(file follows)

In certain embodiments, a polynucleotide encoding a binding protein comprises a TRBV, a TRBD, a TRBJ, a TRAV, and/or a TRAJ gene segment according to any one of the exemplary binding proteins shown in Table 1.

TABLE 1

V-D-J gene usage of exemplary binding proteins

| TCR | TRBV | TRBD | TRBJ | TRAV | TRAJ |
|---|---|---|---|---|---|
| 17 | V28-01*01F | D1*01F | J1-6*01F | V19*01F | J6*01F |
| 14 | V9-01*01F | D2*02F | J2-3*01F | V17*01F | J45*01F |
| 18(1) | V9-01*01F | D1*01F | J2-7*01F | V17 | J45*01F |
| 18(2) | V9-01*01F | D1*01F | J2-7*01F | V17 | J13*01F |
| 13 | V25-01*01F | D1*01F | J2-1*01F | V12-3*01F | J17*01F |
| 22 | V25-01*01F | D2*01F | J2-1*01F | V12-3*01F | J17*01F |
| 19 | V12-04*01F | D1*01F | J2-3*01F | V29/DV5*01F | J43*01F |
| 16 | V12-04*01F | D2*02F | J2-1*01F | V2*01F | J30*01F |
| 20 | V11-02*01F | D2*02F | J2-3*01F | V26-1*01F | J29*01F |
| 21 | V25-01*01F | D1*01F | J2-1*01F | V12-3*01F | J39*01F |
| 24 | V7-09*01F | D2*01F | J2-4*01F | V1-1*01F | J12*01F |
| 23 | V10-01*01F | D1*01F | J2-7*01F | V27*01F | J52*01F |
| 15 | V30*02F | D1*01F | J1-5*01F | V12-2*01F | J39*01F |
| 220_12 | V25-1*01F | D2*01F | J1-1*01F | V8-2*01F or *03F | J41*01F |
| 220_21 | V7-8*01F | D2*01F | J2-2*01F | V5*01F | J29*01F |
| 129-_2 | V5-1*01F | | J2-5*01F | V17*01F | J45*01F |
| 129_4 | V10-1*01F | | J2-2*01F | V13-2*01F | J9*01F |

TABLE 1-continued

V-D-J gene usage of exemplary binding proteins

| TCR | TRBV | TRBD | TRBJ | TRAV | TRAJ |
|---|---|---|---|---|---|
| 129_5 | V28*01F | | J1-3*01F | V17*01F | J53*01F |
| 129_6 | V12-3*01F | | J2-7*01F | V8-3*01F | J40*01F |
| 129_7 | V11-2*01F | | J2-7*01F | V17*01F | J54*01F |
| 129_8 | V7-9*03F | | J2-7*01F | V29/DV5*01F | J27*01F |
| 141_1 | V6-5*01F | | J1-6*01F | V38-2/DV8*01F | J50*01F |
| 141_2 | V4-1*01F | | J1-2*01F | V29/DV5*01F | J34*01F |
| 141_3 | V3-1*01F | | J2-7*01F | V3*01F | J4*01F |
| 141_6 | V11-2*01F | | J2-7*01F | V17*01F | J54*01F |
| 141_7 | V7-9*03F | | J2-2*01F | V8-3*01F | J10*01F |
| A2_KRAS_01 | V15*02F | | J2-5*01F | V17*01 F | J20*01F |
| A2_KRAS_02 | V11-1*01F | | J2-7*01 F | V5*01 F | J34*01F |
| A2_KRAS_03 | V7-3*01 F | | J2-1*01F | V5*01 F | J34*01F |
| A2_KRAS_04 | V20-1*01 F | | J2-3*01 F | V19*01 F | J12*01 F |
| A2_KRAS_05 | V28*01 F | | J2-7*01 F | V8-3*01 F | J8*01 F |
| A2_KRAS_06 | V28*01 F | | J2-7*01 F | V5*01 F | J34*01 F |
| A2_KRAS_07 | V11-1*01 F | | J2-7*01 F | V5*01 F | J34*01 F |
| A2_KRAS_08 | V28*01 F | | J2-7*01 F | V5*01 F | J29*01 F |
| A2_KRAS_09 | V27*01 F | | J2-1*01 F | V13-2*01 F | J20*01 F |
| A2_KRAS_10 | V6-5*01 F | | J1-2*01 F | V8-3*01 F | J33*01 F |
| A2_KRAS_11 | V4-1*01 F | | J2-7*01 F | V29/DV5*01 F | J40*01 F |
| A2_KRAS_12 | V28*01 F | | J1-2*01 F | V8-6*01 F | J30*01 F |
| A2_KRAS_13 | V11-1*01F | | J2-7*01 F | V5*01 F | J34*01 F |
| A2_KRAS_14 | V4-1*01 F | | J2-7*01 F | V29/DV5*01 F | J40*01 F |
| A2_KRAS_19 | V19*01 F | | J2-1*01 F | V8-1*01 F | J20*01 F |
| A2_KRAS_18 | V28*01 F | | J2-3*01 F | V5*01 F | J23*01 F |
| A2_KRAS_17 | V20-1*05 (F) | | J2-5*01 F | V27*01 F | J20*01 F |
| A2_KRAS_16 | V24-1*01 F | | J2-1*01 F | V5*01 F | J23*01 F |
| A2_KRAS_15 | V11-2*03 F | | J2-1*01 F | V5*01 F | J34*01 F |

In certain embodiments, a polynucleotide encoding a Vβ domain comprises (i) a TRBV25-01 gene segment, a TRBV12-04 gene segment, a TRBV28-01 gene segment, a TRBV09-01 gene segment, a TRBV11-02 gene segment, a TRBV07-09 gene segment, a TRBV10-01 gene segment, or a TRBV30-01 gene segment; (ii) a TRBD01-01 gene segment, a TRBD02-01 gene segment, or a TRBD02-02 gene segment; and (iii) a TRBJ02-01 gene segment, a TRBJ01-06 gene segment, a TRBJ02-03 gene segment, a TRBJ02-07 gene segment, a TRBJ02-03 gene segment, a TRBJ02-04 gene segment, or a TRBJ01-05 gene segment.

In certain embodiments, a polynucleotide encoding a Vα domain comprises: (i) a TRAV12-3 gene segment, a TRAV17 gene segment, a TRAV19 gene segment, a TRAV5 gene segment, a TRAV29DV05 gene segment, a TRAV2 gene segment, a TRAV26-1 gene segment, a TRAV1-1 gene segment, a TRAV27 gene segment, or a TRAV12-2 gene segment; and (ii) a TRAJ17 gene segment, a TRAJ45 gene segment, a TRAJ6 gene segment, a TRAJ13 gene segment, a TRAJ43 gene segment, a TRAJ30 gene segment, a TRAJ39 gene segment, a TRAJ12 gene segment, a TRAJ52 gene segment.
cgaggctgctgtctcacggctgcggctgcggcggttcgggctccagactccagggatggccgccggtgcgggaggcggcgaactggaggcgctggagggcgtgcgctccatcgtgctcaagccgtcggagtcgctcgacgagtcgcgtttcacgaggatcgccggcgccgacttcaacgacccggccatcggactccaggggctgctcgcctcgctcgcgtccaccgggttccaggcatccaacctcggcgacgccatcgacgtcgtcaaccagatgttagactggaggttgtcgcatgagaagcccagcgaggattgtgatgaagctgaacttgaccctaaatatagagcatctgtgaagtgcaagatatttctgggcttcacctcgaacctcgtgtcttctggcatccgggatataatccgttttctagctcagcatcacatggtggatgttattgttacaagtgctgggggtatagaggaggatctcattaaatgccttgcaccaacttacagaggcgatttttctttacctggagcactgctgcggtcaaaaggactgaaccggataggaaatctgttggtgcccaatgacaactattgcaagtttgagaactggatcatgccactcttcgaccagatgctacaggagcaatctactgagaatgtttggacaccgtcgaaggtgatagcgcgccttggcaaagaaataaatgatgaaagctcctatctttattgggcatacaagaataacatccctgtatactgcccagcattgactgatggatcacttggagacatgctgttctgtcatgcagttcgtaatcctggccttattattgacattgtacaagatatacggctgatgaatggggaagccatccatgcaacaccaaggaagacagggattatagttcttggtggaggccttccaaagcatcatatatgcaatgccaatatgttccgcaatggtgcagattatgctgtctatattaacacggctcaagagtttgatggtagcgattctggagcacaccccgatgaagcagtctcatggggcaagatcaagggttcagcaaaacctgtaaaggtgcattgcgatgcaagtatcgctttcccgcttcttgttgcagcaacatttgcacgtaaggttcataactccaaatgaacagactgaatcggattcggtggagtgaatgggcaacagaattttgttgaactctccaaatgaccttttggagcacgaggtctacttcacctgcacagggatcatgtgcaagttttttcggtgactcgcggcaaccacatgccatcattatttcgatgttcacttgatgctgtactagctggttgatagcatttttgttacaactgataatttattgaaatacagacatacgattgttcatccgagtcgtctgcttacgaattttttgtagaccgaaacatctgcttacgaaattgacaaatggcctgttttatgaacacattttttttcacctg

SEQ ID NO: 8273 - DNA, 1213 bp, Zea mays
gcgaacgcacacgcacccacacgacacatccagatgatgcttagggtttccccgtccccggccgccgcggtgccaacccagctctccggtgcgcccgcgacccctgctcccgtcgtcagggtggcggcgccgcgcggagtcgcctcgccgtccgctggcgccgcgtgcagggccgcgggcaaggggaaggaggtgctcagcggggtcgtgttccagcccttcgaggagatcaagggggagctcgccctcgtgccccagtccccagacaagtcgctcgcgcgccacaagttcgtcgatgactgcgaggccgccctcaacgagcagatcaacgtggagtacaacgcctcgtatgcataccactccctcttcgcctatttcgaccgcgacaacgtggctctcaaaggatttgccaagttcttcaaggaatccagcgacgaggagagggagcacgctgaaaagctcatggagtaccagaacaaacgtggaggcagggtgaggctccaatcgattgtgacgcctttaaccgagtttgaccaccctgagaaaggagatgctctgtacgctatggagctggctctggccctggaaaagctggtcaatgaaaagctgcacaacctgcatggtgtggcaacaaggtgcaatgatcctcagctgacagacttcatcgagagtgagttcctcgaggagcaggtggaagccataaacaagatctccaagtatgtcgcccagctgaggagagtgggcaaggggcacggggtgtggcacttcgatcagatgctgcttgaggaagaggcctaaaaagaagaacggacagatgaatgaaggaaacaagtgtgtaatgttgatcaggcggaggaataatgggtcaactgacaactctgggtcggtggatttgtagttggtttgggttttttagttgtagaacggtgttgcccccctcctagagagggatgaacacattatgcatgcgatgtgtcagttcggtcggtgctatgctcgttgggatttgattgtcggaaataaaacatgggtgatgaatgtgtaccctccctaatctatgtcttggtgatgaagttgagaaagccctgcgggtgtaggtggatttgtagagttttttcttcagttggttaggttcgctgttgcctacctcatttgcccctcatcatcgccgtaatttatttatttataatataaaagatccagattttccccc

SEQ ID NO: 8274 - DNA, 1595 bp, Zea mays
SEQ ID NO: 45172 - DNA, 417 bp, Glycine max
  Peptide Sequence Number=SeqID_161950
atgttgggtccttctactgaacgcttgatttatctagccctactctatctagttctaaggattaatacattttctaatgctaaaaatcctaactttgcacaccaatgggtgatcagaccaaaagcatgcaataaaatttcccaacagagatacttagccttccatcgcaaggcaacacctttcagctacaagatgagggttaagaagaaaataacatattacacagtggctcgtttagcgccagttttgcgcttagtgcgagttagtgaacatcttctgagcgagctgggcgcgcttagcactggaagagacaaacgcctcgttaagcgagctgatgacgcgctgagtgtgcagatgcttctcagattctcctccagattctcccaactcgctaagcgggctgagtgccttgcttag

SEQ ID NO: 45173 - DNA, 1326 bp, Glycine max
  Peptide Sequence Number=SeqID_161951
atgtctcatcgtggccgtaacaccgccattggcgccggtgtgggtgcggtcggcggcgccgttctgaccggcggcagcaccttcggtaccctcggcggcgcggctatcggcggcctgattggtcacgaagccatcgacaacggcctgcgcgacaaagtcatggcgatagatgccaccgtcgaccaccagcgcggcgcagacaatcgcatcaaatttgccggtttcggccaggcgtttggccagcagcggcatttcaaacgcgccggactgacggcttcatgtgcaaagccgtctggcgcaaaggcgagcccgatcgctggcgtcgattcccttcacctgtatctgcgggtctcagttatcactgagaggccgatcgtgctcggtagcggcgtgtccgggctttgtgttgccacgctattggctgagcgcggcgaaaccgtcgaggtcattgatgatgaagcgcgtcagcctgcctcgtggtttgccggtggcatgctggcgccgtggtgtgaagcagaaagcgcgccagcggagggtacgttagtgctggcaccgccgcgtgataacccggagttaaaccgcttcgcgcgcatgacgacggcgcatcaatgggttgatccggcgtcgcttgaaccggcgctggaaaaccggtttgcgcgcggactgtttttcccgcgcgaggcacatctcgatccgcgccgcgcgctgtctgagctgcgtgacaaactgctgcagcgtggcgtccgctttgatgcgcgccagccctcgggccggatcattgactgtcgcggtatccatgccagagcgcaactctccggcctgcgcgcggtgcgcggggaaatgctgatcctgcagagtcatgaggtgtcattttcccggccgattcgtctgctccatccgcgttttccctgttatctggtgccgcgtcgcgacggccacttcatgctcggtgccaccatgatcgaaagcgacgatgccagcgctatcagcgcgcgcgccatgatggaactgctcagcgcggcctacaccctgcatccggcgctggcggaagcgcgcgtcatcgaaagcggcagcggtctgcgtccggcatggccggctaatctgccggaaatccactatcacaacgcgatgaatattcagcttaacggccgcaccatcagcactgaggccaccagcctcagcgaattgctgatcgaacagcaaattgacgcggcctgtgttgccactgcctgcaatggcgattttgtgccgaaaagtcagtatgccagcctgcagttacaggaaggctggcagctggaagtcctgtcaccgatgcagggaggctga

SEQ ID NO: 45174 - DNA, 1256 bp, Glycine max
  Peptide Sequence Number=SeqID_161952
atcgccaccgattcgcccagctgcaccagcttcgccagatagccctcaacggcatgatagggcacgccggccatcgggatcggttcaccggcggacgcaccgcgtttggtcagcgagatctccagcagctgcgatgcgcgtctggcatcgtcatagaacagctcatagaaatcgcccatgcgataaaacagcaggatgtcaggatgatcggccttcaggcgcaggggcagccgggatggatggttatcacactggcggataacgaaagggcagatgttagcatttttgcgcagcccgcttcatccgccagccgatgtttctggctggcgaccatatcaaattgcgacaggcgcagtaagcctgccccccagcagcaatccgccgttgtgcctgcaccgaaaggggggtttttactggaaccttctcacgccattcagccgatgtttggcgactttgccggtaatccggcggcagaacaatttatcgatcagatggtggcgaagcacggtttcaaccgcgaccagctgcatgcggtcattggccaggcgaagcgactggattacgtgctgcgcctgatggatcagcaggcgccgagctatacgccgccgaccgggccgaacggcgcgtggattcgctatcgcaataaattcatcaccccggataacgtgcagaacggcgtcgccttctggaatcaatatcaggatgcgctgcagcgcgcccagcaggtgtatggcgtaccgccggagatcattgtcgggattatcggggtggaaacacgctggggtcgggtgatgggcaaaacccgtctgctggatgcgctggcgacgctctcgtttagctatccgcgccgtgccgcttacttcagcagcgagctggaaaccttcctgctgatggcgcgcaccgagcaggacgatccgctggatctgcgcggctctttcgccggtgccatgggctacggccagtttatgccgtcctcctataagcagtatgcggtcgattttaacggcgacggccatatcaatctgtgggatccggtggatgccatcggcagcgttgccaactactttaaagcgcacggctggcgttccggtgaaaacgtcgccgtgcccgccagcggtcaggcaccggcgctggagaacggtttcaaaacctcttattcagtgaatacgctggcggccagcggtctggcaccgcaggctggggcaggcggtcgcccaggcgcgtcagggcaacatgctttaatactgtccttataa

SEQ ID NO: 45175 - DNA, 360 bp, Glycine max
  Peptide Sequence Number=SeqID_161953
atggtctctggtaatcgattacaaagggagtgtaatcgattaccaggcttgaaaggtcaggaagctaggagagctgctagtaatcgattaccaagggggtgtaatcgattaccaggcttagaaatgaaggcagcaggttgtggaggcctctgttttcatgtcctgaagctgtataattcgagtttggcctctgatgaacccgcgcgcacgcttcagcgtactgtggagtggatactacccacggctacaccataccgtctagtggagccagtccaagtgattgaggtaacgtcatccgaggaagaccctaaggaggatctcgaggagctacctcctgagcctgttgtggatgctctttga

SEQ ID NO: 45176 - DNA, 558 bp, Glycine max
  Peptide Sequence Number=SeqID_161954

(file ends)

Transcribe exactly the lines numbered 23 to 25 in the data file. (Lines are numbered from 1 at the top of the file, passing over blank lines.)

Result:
TABLE 1-continued

V-D-J gene usage of exemplary binding proteins

| TCR | TRBV | TRBD | TRBJ | TRAV | TRAJ |